But probably not for the reason you think.
Of the many things I was excited to see at this year’s Electronic Entertainment Expo (E3), a new God of War game was not one of them. Don’t get me wrong; I have nothing against the games, per-se. My God of War edition PSP might even give the impression that I’m a fan of the series, though that would be a misdiagnosis. It was a purchase that was motivated by price rather than by the particular theme. I did play through Chains of Olympus, which came included in the bundle. For those that are curious, I enjoyed the game.
When Sony opened their show with the reveal of their next God of War entry, I was excited. Not for the game, really, but for the fans. I knew gamers would want this, even if I would probably never play it myself. Grandiose orchestral notes gave way to video, and it was hard not to smile at he sight of an elder-Kratos stepping dramatically from the shadow. Soon, he and his apparent offspring took to the forest. Sony made it easy to get excited. Sure, it all felt a little cliché, but the game also looked fun.
A few minutes later, when Kratos’ son fired his bow, missed the troll his father was wrestling with, and instead sunk his arrow deep into Kratos’ shoulder, I laughed. Kratos was being a bit of a jerk to his son from the onset. He kind of deserved to be shot.
. . . Little did I know, Sony was about to show something that would change gears entirely. And it was something that was about to make me cry.
One year, two months, five days, and sixteen hours ago (but who’s counting?), I had to do one of the hardest things I’d ever done in my entire life. It’s something that may be trivial to some of you, and something I hope that many more of you haven’t had to experience, but it made for a really, really terrible night.
A few weeks prior to that, my wife and I noticed that our Charlie was having trouble walking up stairs. She was thirteen years old, but I wasn’t really sure if that was “really old” or just “not young” in dog years. I’d had her for her whole life, but it felt like I had for for my whole life as well. When I was given her as a puppy, I was still in college. I was still single. I was still trying to find my way in the world (okay, so I’m still trying to do that.) I had her when I started dating Tara. When we moved in together, Charlie went from being “my” dog to being “our” dog.
(She was still really my dog.)
So when Charlie started having trouble with her back legs, we thought it arthritis was setting in. We scheduled a vet visit to see if there were any medications that could help. There weren’t any signs of arthritis, but they prescribed an anti-inflammatory to see if it would help her struggling leg muscles. It didn’t; Within a week, she could no longer stand.
The follow-up vet visit did little to ease our minds. There were two possible causes for her current condition. One was an apparently common and relatively harmless thing called “Old Dog” Vestibular Disease, in which older dogs suddenly have dizziness and trouble walking. It goes away on its own after a week or two.
The other possibility was cancer.
The only way to know which of the two conditions it was — aside from spending thousands of dollars we didn’t have on CAT scans — was to take her home and monitor her condition. If it was the harmless “old dog” thing, she’d get better. If it was cancer, she’d get worse.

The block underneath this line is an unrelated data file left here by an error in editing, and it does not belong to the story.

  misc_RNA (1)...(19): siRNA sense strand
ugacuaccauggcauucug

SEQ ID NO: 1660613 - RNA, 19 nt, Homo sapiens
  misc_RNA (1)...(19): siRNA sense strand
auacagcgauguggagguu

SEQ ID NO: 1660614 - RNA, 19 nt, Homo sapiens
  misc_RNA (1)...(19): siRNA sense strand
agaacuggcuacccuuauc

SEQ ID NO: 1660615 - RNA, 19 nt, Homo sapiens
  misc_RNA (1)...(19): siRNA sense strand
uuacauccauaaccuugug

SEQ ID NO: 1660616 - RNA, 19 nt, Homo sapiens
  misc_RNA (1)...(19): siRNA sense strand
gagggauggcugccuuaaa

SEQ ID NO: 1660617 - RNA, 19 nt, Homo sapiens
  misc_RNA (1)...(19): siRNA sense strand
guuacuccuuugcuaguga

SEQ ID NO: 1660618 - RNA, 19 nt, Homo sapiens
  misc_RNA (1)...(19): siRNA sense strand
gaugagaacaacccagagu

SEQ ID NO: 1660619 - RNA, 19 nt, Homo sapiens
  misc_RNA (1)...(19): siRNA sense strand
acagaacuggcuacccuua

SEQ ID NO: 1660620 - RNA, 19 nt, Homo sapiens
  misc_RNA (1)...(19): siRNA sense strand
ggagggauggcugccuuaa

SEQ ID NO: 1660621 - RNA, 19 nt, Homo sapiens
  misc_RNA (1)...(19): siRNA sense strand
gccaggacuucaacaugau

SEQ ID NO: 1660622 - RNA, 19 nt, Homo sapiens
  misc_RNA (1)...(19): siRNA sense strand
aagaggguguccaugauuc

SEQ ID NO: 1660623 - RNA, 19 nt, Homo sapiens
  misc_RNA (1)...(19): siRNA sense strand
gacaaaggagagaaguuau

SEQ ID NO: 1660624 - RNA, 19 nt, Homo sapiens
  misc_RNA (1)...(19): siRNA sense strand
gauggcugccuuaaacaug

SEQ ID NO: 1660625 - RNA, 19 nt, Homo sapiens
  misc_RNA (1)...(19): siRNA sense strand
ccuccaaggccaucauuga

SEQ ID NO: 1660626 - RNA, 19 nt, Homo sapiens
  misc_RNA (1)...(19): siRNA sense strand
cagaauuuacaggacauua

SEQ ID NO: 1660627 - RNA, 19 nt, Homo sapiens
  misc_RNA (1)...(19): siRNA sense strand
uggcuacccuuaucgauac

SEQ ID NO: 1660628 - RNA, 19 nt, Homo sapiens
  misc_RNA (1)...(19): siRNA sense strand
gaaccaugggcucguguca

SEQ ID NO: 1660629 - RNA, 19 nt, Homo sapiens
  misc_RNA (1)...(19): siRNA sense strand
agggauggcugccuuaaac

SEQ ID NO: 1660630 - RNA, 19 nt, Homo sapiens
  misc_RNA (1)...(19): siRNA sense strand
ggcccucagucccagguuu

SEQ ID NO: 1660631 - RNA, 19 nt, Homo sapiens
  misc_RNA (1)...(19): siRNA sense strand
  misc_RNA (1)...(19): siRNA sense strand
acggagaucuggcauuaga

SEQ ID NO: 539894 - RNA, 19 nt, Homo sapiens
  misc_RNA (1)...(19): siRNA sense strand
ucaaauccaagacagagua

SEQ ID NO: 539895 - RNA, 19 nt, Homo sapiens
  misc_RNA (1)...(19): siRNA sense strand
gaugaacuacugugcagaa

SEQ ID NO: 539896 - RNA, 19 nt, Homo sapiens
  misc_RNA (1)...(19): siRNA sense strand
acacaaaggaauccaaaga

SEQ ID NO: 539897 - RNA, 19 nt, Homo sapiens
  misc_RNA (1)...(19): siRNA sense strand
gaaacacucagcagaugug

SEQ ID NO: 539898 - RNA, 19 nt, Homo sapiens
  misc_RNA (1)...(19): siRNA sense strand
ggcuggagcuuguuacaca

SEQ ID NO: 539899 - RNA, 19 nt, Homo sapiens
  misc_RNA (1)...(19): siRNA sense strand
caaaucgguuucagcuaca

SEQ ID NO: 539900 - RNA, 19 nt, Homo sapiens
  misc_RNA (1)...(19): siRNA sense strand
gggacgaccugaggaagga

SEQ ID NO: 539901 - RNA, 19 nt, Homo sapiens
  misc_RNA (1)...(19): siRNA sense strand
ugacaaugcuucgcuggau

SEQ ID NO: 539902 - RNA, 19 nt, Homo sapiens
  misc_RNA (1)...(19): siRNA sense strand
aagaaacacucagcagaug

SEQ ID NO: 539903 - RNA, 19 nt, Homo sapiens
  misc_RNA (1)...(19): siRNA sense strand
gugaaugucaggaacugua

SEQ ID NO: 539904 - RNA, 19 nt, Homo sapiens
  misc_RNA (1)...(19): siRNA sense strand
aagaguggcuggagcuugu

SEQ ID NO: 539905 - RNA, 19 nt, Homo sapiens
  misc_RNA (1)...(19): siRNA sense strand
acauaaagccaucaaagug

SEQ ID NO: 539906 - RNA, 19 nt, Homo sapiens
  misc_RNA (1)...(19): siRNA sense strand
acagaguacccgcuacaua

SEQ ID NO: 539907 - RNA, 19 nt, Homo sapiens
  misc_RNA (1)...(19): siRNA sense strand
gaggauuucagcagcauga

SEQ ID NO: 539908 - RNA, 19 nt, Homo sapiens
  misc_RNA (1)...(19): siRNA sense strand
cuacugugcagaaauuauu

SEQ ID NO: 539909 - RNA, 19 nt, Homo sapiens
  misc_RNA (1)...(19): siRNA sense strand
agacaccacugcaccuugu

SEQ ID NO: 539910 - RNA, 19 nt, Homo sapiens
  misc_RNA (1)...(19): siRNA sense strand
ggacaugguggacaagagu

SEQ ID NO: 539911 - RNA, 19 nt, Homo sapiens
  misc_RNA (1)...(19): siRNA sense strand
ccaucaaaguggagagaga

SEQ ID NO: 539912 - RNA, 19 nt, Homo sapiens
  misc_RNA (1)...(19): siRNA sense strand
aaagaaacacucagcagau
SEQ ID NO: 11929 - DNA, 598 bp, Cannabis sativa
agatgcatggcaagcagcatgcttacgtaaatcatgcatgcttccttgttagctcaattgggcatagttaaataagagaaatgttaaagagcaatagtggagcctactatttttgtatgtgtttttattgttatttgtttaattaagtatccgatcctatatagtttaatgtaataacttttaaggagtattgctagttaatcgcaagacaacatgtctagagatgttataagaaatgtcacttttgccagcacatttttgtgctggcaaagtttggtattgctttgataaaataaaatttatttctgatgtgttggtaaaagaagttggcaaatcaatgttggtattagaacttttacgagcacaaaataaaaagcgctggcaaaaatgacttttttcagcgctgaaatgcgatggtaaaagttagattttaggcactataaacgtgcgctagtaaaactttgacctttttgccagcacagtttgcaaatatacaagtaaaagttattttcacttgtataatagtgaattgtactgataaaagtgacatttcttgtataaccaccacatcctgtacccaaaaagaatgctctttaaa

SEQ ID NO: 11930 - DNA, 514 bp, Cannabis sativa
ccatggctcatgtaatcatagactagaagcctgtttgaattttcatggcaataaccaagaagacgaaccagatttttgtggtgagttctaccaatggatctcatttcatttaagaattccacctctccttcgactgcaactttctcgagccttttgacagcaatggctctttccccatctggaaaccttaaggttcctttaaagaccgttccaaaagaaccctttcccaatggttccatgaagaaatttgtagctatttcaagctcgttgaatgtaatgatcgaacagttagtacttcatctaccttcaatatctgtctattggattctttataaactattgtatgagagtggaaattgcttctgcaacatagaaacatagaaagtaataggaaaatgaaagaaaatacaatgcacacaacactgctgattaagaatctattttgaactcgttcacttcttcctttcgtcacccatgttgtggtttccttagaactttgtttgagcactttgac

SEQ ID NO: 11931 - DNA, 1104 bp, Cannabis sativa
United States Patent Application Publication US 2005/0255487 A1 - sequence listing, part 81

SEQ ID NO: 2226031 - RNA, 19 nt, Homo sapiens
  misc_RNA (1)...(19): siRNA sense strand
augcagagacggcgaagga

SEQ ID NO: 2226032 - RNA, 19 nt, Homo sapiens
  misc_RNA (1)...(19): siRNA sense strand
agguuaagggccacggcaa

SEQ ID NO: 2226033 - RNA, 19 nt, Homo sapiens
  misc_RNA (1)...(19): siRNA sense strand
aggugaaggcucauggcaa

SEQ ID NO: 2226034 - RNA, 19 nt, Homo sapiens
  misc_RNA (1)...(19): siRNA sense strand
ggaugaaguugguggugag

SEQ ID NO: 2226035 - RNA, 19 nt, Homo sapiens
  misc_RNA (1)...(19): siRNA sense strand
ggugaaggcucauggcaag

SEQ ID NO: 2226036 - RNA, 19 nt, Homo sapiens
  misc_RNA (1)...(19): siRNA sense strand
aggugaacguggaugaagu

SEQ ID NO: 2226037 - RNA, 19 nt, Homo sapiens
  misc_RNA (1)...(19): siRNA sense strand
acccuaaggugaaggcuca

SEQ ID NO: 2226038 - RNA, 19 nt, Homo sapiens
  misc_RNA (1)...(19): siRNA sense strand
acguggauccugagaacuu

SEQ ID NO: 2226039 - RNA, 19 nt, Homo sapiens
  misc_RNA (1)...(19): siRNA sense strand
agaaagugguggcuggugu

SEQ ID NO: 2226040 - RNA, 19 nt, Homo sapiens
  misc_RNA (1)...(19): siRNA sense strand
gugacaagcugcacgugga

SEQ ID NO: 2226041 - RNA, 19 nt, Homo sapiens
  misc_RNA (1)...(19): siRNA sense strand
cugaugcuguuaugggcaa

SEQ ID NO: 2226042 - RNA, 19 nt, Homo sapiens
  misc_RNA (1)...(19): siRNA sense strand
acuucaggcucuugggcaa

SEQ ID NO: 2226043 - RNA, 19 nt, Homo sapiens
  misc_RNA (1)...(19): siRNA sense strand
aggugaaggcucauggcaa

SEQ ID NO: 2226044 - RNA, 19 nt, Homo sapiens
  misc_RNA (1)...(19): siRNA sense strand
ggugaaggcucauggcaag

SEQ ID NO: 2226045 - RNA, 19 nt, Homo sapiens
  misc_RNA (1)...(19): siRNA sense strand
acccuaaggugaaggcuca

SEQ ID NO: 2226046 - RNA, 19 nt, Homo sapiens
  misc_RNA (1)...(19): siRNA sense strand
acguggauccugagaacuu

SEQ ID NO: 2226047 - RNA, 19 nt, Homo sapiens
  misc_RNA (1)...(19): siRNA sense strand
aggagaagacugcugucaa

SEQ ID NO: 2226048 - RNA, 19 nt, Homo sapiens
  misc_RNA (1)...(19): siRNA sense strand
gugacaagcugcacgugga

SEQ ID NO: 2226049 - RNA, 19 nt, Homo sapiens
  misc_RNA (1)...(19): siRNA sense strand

Spoiler alert: She got worse. When I got home from work on Friday, April 10, 2015, I found her lying in the same spot we had left her that morning. Her breathing was heavy, labored. If she was in pain, she wasn’t showing it, but it was clear that she was dying. She hadn’t gone to the bathroom in 3 days, and she couldn’t eat. I called the vet, and he agreed to meet me after hours. I had to put her in a laundry basket to carry her to the car. I took a picture on the way to the vet. It would be the last one I’d ever get to take.
Charlie, no longer able to stand, had to be carried to the car in a basket. She enjoyed the ride a lot more than I did.
I held her close as the vet administered the injections. Within moments, her breathing slowed, grew quiet, and then stopped entirely. The room was silent; She was gone. The long drive home was probably the loneliest I’d ever been, but the numbness helped me hold it together. When my wife finally returned home from work, and I had to tell her that Charlie was no longer with us, we cried together. For the next week, I barely ate. I just wasn’t hungry. I missed her, and still do.
Despite some major faux-pas on the part of his son, the duo have survived the troll attack and located their initial prey. An arrow has felled the deer, and now father and son were knelt beside the wounded beast. The son timidly holding a dagger, and wrestling with his father’s command to “finish it.”
Suddenly, this gameplay demonstration for a franchise that I didn’t particularly care about became all too familiar. I could feel Kratos’ son struggling with this responsibility; knowing what he must do, even though it hurt his heart to do so. Like the vetrinarian who had helped me that night, Kratos moves in to guide his actions. Together, they plunge the knife into the animal’s throat, though for me, all I could see was a syringe.
Even the deer’s dying breaths perfectly mimicked Charlie’s last moments. And then it was quiet.
I was sitting at my computer, crying. Not because of what happened on screen, but because of all those complex emotions and memories that scene had evoked. Videogames are powerful in that way. Even games about bathing in blood and gore as you slaughter countless demons, demigods, or whatever the hell it is that Kratos (and now, his son) fight. When developers can so potently capture a moment, and convey a mood or idea, it’s magcal.
And sometimes, it’s also sad.